Lifestyle

Parents, let's talk about sex | Amy Johnson

Most people know October is Breast Cancer Awareness month, evidenced from the plethora of pink products available.

October has also been designated “Sex Ed Month of Action” by Spiritual Youth for Reproductive Freedom, a national group devoted to bringing voices of faith together to advocate for comprehensive sexuality education. And, the National Campaign to Prevent Teen and Unplanned Pregnancy has deemed October “Let’s Talk” Month.

So parents, let’s talk. It’s never too early or too late to begin and continue conversations about sexuality, dating and relationships with your child or teen. Teens consistently identify their parents as those with the most influence on their decisions about dating and relationships. That means you need to talk about what your ideals, values and expectations are, and you need to walk your talk. Modeling being a partner in a respectful relationship with good communication goes a long way. If your relationship is not healthy, get help. If you are dating, make sure your standards are up to the ones you expect for your son or daughter.

Speaking of relationships, how do you or your child decide if someone is relationship worthy? Do you have standards other than physical attraction? If sex is the price for a relationship, it’s too high, and your child (or you) should look elsewhere. Think of relationships as a ladder, built on friendship, respect, honesty, shared interests and trust. If those things are missing, the ladder may not be strong enough to hold up the relationship.

Talk to your child about the “Success Sequence” (www.thenationalcampaign.org). Young people who finish high school and/or college, who wait until they are in their twenties to marry, and who wait to have children until after they are married, have a much higher chance of meeting their goals than those who don’t. Identifying this sequence for success with your children can help them think critically about relationships and long-term goals.

When you discuss these topics with your teen, make sure it is a conversation, not a lecture. When you tell them what you want for them, also tell them why. When you discuss safety, bring up emotional safety as well as physical safety. The emotional price for becoming sexually active is higher than most teens expect. Six out of 10 sexually experienced teens express that they wish they would have waited. Make sure your child knows that even if they have said “yes” to someone or something, they are in charge, and they can say “no” at any time.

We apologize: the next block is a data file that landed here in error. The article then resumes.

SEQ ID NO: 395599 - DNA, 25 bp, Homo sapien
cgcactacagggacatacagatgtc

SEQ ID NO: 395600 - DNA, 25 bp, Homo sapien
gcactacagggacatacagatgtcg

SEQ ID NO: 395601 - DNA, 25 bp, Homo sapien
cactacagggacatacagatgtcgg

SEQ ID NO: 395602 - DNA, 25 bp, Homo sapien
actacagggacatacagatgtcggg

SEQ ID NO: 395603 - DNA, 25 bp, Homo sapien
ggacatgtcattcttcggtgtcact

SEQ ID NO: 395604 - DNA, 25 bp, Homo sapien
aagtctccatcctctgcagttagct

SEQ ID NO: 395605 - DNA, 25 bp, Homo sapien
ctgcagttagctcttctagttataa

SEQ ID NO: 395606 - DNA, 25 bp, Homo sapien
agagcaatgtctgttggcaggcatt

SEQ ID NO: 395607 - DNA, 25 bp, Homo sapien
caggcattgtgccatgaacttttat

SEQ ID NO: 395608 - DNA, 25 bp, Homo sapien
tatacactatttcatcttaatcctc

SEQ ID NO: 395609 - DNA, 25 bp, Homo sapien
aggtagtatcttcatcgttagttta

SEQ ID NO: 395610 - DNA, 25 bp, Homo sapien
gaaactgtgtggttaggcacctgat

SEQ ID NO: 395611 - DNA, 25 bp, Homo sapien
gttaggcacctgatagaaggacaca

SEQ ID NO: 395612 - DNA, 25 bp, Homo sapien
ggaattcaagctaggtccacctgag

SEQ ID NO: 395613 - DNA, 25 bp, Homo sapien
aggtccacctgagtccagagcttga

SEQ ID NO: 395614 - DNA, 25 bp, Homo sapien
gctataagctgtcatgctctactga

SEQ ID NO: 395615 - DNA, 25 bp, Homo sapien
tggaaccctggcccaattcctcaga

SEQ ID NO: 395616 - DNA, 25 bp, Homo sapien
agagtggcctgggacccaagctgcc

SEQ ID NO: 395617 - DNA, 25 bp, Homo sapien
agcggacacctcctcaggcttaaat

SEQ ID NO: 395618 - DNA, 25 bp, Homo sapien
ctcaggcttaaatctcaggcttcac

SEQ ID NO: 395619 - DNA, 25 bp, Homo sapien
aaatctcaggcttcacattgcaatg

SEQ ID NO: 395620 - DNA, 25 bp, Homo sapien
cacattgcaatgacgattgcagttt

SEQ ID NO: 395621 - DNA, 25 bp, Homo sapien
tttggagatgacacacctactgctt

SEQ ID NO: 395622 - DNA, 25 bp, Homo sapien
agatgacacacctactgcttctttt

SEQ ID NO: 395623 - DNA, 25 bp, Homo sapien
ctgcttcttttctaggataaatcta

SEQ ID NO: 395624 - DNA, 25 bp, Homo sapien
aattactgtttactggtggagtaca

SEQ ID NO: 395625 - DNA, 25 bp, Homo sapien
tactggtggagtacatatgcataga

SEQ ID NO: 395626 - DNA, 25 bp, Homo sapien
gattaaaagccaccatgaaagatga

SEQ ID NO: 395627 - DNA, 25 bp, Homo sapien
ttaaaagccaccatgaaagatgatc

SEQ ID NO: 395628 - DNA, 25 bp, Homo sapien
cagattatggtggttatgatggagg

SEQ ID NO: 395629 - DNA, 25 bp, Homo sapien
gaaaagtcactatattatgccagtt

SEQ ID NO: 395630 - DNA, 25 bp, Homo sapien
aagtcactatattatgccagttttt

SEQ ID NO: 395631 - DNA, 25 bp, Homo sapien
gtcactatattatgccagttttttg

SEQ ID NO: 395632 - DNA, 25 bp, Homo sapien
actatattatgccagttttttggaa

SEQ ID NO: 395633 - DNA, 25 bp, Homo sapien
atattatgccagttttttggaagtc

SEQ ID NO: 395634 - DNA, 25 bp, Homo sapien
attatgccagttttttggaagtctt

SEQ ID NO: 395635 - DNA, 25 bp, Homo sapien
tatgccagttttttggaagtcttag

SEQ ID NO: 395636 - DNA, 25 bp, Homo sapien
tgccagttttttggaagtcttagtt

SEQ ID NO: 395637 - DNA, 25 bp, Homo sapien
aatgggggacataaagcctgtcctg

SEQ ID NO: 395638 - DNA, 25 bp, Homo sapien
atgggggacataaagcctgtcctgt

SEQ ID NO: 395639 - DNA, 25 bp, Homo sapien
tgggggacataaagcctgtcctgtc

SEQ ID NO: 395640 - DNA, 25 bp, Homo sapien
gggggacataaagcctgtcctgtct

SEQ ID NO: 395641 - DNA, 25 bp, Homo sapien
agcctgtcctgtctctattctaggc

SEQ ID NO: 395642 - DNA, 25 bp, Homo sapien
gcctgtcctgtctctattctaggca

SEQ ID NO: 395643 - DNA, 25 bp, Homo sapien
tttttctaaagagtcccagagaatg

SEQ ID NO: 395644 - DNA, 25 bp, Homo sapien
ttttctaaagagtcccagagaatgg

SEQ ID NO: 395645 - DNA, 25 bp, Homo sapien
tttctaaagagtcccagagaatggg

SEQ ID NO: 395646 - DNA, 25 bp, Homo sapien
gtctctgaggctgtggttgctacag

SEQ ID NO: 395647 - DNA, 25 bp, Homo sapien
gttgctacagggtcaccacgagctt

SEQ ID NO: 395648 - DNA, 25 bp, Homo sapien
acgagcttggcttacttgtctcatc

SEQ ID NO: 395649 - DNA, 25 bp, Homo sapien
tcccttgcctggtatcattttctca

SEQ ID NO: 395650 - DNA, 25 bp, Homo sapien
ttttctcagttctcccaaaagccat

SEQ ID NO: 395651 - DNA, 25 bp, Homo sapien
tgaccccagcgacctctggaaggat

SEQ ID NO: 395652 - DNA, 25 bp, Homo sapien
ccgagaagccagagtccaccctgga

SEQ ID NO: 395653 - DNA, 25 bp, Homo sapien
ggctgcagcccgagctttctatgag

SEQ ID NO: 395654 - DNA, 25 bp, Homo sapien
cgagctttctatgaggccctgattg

A word about older partners: Research shows a significantly higher percentage of teens are sexually experienced when they have a “serious boyfriend or girlfriend” who is two or more years older than they are, as compared with one who is no more than one year older. Age does make a difference in adolescent relationships. With respect, you can point out your concerns to a son or daughter who is considering dating someone much older.

Finally, remember that your kids are going to learn about sex, relationships and dating. They are more empowered to resist peer pressure if they have accurate, complete information from a trusted parent before they encounter myths and incomplete information from peers. Talk to your child or teen.

Here’s a list of possible discussion topics:

• For younger children: Correct names for body parts. Play a game, read a story, sing a song. Where babies come from — how they are created and how they are born.

• School-aged children: Body changes that happen with puberty, including menstruation, erections, hair growth, etc. More detailed discussions about intercourse and pregnancy (many books can help) Begin a discussion about sexual orientation, and potentially knowing people with two moms or two dads.

• Pre-teens: Make sure your child has basic knowledge about masturbation, sexually transmitted diseases, pregnancy, contraception and sexual minorities (homosexuality, bisexuality, transgender). Discuss relationships and values, in addition to reproduction and diseases. This is a good time to discuss/reinforce delaying first intercourse. Talk about the success sequence and the relationship ladder.

• Teens: Continue discussions about values, relationships and long-term goals. Discuss potential issues with older partners. Have a frank discussion about date/acquaintance rape, and make sure your teen has basic safety information. Remember to have a conversation, not a lecture.

Resources

• American Academy of Pediatrics guidelines: www.aap.org/healthtopics/sexuality.cfm

• Tips for Talking from The National Campaign: www.thenationalcampaign.org/parents/relationships.aspx

• Spiritual Youth for Reproductive Freedom: www.syrf.org

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